“I don’t have anything against soccer, but I’ve been with the Little League for 35 years,” Mull said. “It is our time, I think.”

For nearly the entire existence of Mountaineer Little League’s boy’s baseball and girls’ softball programs, games and tournaments have been hosted on fields owned by private civic organizations like the Elks and the American Legion.

The result has been that Mull and other Little League administrators have had to undertake field maintenance on their own, adding a huge amount of cost and labor to the league’s operations.

“It’s really something we need badly and we’ve never had the opportunity to get,” Mull said. “We’ve never even had the chance to push for it until now.”

What Mull is pushing for is a county-owned and maintained tournament caliber baseball/softball complex for the more than 500 boys and girls ages 8 to 16 in the Mountaineer Little League system.

The plan they favor calls for a “wagon wheel” four-plex field setup that would accommodate the new Little League field specifications. As the game has developed, the regulation distance for fences has been moved from the old distance of 200 feet to 225 feet.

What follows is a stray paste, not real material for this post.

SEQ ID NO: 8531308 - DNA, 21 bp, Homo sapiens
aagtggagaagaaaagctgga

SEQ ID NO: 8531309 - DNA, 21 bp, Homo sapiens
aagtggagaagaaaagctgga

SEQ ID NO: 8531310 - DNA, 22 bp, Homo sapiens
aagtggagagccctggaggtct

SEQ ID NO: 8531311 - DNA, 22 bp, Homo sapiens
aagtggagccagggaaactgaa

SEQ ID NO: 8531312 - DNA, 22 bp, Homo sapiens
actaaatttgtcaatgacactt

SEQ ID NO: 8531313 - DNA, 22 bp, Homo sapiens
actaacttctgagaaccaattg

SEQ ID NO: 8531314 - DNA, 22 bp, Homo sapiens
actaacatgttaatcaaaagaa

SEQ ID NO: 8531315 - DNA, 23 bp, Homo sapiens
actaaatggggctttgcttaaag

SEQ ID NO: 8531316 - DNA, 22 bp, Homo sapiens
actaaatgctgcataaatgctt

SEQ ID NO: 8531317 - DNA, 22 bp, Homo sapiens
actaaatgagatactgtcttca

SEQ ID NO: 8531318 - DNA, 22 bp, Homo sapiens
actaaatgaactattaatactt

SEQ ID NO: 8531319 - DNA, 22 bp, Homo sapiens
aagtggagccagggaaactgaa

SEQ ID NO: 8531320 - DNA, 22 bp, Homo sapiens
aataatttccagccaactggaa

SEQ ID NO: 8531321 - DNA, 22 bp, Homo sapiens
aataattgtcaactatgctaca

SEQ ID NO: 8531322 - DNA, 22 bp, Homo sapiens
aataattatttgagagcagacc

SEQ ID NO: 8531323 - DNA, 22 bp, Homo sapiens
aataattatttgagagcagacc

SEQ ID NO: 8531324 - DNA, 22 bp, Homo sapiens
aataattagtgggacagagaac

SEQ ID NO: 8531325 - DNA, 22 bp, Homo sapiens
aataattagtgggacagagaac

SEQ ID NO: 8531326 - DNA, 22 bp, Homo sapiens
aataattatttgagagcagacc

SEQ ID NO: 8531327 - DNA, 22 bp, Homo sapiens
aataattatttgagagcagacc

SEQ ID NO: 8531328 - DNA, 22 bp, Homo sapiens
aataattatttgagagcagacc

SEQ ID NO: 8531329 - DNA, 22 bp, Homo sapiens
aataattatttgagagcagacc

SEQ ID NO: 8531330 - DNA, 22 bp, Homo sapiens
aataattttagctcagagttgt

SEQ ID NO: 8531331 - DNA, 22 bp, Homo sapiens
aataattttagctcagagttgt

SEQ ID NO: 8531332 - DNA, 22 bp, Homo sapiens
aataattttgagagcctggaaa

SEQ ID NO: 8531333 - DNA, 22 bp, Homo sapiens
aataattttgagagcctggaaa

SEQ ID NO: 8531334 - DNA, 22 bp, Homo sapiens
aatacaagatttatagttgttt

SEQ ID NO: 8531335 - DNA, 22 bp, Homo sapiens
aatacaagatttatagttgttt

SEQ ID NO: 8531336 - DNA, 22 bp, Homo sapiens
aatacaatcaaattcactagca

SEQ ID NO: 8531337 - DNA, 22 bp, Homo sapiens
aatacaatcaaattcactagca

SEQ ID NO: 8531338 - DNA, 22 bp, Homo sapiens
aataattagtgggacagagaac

Mull said a “wagon wheel” field setup at Jonathan Creek could allow the Little League to hold regional tournaments with four games going simultaneously. The facility could also be a home for adult softball tournaments, though softball fields require 300-foot fences.

“If you had a field like that, you could host Little League tournaments and traveling tournaments any weekend you wanted to,” Mull said.

Mull explained that the Mountaineer Little League currently hosts tournaments among a variety of locations, making it hard for out-of-town visitors to enjoy the experience because they are rushing from one site to another.

He sees the potential for a centralized tournament complex as a revenue boost for the county.

“It’s a great moneymaker for the county, because it brings people into the hotels and restaurants and everything,” Mull said. “It’d be a really good thing. I hope it works out.”

Lee Starnes, past president of Mountaineer Little League, has attended the planning meetings and looked at the proposals. For Starnes, the proposed baseball/softball complex would provide much-needed practice space and solve a longstanding problem.

“Because of our location in the mountains, we simply don’t have the available space and what is available is expensive,” Starnes said.

Like Kirkpatrick, Starnes said he wished the county could build both tournament soccer and softball facilities, but he knows the county budget won’t allow it.

“I’m in for all of it,” Starnes said. “It’s for the kids, and whatever we can do for the kids is great.”

The case for soccer